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Covid-19: Free rapid testing may end once most adults are fully vaccinated

BMJ 2021; 374 doi: https://doi.org/10.1136/bmj.n1760 (Published 09 July 2021) Cite this as: BMJ 2021;374:n1760

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  1. Ingrid Torjesen
  1. London

Free lateral flow tests will be available until the end of August, but it has yet to be determined whether they will continue to have a role once most adults are fully vaccinated, the head of the agency responsible for health protection in the UK has said.

Currently, all adults and secondary school pupils are encouraged to use the rapid tests on themselves at home twice a week. Although not as accurate as polymerase chain reaction tests, lateral flow devices are able to pick up some asymptomatic cases and potentially those that are most infectious, as they detect cases with the highest viral loads.12

Jenny Harries, chief executive of the UK Health Security Agency, which recently took over the responsibilities of Public Health England and NHS Test and Trace, said that the free tests would be available for adults until at least the end of August and for schoolchildren until at least the end of September.

Giving evidence on 8 July to a House of Commons Public Accounts Committee inquiry into NHS Test and Trace, Harries was asked to comment on media reports that the public would then be expected to pay for the tests from the end of August. She replied, “Nobody has discussed charging.” But she added that, rather than it being an issue of cost, the role of the rapid tests was being reviewed in terms of whether they would be an “effective and essential health intervention going forward,” with most of the population vaccinated, implying that they may have a more limited role.

“We have been using lateral devices predominantly in an unvaccinated population. Obviously, that’s changing now,” Harries said. Fully vaccinated individuals “may still be able to transmit infection, but fewer people will,” she added. “You may have lower viral loads, so I think there’s a lot of scientific elements behind this that we need to take into consideration.”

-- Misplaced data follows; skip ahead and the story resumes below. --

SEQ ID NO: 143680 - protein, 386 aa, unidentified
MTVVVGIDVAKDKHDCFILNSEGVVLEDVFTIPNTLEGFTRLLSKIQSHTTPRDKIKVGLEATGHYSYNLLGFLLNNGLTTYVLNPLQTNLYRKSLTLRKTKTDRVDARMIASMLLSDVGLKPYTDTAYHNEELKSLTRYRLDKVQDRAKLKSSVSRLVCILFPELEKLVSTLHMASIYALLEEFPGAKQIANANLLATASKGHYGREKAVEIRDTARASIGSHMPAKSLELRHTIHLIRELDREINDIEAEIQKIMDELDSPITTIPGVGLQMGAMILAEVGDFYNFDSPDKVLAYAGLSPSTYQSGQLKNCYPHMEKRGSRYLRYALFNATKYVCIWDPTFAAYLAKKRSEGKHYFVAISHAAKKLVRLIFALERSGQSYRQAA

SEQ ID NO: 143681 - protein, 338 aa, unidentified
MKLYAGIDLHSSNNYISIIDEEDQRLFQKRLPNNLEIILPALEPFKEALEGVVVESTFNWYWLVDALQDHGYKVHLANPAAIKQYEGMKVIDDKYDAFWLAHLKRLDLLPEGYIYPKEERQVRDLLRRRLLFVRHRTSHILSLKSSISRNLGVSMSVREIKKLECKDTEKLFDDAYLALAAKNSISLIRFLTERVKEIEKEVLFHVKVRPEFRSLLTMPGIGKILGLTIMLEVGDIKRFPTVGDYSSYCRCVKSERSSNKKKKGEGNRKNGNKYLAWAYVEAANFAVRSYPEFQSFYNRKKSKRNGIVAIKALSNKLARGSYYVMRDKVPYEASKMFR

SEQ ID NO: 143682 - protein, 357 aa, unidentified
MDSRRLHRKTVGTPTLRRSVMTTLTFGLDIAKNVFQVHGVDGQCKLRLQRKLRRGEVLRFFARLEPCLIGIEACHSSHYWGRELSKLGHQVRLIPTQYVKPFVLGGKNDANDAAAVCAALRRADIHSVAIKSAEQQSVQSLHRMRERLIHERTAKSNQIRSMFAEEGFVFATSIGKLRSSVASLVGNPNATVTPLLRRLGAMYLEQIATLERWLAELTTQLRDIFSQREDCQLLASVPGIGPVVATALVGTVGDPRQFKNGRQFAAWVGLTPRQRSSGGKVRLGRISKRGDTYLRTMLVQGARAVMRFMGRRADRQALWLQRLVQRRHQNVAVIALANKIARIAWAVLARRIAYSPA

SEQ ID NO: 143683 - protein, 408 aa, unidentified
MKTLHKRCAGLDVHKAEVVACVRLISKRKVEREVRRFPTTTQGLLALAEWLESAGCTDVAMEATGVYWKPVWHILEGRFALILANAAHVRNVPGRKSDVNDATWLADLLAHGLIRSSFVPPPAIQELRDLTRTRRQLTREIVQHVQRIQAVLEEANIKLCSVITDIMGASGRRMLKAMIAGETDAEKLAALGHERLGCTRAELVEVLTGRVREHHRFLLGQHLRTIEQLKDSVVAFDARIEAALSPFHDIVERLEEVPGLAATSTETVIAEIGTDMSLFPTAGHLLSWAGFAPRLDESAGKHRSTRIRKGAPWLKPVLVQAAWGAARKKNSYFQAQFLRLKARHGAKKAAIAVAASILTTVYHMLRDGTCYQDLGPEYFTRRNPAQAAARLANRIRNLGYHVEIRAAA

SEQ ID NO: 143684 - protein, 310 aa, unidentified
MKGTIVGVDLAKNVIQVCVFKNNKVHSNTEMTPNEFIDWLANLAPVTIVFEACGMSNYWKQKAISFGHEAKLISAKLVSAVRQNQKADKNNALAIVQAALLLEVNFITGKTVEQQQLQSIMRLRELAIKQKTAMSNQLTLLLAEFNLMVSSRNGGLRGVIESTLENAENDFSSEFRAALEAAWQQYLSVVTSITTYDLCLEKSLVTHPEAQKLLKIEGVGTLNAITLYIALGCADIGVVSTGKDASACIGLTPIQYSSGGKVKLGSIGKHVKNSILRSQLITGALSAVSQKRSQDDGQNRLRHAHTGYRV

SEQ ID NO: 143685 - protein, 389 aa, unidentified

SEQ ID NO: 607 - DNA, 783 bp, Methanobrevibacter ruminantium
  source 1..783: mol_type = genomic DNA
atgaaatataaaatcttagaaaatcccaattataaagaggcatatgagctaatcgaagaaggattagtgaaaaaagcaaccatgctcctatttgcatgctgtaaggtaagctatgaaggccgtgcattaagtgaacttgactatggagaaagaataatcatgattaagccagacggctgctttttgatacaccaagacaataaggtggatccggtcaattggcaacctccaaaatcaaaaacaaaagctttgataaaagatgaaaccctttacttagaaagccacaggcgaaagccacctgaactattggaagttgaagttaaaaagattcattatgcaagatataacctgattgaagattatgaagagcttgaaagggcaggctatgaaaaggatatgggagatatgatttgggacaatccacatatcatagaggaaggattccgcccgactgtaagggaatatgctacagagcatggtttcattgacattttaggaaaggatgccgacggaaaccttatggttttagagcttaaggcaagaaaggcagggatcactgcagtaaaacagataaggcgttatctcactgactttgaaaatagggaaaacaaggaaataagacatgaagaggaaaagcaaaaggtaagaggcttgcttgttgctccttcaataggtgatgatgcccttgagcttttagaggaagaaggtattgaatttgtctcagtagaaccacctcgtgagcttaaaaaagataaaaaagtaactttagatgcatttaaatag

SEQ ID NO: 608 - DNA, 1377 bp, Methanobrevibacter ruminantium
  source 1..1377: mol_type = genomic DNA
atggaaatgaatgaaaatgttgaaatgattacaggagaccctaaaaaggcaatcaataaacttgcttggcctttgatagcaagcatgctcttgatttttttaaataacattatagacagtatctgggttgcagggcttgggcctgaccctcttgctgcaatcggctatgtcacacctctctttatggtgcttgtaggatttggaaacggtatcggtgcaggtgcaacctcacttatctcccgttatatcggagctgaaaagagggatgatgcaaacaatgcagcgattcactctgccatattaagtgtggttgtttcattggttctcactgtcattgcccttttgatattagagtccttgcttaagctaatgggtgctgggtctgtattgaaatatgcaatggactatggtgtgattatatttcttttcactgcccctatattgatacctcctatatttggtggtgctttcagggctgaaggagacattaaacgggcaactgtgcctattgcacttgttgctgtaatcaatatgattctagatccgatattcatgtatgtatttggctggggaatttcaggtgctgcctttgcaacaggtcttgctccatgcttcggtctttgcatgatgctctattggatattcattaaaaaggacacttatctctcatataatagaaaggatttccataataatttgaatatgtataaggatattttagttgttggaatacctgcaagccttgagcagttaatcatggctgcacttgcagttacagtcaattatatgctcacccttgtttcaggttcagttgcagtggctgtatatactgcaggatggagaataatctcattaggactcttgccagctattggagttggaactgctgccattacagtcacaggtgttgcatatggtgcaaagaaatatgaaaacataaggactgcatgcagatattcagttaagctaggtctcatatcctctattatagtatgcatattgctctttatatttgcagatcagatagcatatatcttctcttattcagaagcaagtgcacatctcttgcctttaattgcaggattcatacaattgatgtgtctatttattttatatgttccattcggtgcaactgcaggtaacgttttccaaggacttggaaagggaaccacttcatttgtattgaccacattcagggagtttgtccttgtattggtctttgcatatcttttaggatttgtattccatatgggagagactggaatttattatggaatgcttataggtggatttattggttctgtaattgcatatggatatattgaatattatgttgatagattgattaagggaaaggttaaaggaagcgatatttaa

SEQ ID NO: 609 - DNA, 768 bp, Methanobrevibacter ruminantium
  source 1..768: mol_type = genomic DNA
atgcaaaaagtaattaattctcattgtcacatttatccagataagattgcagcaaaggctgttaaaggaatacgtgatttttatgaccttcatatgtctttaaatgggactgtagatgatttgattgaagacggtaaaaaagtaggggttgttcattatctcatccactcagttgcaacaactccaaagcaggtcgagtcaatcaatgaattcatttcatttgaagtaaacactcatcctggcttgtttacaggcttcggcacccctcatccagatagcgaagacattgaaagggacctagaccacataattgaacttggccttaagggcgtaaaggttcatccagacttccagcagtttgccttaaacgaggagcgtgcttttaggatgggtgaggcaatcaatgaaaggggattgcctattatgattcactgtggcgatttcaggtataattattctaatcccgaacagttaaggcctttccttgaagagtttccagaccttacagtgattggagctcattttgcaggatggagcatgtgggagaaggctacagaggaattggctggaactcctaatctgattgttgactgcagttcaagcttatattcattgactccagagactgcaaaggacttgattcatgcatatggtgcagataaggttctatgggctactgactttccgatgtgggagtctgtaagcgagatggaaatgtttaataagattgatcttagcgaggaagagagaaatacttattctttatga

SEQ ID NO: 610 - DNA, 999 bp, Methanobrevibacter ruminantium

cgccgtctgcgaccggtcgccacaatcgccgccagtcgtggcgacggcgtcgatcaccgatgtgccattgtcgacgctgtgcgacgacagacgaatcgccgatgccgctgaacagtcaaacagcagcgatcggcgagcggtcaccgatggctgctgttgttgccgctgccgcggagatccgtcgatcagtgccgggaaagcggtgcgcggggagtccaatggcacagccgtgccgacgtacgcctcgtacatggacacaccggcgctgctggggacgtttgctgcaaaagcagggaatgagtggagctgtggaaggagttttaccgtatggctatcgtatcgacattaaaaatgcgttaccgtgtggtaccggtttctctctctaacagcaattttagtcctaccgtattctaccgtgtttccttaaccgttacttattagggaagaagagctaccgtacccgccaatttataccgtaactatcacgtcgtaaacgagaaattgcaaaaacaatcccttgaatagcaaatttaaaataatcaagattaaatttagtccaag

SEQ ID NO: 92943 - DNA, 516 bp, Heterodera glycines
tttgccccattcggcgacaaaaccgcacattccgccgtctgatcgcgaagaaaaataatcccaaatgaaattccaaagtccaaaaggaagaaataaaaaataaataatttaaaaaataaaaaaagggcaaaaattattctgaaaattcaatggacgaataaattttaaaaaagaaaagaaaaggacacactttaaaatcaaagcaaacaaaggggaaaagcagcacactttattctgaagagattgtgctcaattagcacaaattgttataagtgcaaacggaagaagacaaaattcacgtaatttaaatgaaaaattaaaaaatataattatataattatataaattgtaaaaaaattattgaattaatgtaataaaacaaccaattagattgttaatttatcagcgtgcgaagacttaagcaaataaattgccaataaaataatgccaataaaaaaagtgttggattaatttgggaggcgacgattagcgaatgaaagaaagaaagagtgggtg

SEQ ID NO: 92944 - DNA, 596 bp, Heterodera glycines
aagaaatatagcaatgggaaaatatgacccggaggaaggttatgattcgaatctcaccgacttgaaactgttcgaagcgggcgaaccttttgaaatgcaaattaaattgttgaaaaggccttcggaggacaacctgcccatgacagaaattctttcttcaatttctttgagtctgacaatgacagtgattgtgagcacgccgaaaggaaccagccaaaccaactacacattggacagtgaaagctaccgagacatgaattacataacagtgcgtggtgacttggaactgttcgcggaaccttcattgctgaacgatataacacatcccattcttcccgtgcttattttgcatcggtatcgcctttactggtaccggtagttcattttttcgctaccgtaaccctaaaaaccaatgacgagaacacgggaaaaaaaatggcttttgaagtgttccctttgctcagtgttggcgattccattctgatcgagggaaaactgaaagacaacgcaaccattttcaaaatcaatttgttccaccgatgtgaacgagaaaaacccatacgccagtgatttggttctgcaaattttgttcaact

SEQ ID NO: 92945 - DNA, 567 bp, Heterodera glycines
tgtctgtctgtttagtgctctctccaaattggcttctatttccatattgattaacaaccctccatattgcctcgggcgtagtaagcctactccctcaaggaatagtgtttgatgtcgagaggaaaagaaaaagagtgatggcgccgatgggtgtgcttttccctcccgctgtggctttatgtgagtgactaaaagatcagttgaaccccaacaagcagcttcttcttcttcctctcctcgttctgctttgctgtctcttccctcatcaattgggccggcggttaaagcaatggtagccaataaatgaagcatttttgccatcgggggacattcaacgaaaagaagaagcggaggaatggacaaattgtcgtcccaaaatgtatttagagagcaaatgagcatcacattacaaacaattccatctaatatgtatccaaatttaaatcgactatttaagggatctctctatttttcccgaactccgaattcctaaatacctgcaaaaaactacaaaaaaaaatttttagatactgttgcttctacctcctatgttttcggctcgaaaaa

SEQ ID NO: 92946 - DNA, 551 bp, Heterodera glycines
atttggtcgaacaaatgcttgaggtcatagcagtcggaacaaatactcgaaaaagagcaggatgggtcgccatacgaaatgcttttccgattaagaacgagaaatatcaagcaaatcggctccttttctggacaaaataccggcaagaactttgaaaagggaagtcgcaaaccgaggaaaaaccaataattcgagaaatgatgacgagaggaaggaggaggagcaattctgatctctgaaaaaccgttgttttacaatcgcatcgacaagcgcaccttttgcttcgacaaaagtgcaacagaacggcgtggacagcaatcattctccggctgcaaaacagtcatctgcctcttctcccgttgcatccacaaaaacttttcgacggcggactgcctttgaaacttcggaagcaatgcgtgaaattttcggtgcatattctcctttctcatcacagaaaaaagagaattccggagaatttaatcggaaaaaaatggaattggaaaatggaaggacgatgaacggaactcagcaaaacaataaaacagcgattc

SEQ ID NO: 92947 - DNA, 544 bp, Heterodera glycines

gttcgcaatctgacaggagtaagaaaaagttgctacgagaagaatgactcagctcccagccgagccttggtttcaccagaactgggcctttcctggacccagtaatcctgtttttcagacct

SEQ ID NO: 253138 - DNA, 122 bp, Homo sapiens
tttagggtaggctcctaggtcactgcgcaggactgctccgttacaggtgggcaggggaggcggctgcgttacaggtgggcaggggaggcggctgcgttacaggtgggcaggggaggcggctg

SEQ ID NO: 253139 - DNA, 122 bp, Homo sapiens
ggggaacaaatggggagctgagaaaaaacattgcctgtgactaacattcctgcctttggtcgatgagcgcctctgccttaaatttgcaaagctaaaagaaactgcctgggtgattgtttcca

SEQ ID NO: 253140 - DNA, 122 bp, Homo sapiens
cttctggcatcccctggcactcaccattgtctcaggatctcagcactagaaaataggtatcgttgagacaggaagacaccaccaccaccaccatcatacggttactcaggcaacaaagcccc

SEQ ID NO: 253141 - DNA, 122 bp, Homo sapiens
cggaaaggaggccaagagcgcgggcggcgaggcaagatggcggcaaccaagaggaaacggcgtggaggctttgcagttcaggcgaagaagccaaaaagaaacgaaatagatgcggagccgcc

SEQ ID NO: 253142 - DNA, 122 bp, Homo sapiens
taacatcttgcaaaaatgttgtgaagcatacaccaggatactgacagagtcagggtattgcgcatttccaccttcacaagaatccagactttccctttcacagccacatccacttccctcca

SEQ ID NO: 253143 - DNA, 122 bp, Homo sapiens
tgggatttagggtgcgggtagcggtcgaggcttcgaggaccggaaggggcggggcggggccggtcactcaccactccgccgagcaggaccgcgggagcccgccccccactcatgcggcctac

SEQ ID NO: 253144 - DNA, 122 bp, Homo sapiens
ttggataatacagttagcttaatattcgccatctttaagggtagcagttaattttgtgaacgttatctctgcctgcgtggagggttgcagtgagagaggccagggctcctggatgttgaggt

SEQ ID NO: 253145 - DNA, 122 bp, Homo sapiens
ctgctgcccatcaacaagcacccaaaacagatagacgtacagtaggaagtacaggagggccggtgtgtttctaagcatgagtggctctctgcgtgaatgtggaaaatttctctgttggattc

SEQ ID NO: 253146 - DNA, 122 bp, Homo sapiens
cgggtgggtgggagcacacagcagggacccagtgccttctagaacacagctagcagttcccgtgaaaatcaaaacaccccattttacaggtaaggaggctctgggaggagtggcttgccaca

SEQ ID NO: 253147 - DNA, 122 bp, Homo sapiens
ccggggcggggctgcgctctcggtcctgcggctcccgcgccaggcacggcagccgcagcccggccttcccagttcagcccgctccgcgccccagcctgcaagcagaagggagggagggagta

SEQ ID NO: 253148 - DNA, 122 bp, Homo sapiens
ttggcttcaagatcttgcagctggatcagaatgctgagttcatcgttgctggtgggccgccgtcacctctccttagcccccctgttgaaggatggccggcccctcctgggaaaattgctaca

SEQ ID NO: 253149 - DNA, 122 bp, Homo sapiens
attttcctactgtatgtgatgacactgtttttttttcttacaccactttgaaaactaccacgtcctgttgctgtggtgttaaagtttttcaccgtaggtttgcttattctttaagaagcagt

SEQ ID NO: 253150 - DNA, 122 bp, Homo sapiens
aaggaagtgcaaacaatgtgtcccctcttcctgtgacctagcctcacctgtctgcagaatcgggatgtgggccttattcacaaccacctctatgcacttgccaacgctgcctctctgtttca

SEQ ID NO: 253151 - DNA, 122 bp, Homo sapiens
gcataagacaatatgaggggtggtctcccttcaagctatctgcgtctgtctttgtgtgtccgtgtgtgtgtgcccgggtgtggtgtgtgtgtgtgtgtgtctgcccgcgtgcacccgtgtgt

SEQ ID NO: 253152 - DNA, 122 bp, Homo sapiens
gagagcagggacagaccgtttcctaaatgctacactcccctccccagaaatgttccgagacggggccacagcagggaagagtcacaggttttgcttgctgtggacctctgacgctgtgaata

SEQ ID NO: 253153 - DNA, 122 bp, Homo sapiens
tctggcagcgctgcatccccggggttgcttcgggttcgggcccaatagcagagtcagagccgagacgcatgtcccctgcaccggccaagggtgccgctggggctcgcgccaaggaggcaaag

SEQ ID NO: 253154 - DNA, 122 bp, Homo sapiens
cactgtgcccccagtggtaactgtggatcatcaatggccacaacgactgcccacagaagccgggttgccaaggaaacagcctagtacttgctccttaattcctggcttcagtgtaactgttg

Chris Wormald, permanent secretary at the Department of Health and Social Care for England, also giving evidence, said, “Let’s be absolutely clear on this point. What we are doing is looking at what the public health case is for use going forward.”

Several studies have found reduced viral loads after vaccination in people who have been vaccinated with the mRNA covid-19 vaccines (Pfizer-BioNTech or Moderna) or the Oxford-AstraZeneca vaccine,345 and researchers at the University of Birmingham found that false negative results from lateral flow device tests were more likely in people with lower viral loads.6

A recent damning report on the NHS Test and Trace system from the National Audit Office found that just 96 million (14%) of the 691 million lateral flow device test kits distributed had been registered as used.7

“If you actually take out the numbers of tests which we know are, if you’d like, in transit or in store that figure rises to 20%,” Harries said. “But surveys suggest that more than 40% of people are using the tests.”

Dido Harding, the former head of NHS Test and Trace, said it was “completely understandable” that some people were performing tests but not registering the results if they were negative, so a lot of work was being done to “communicate why [NHS Test and Trace] need to know, regardless of whether the result is positive or negative, that you’ve done the test.”

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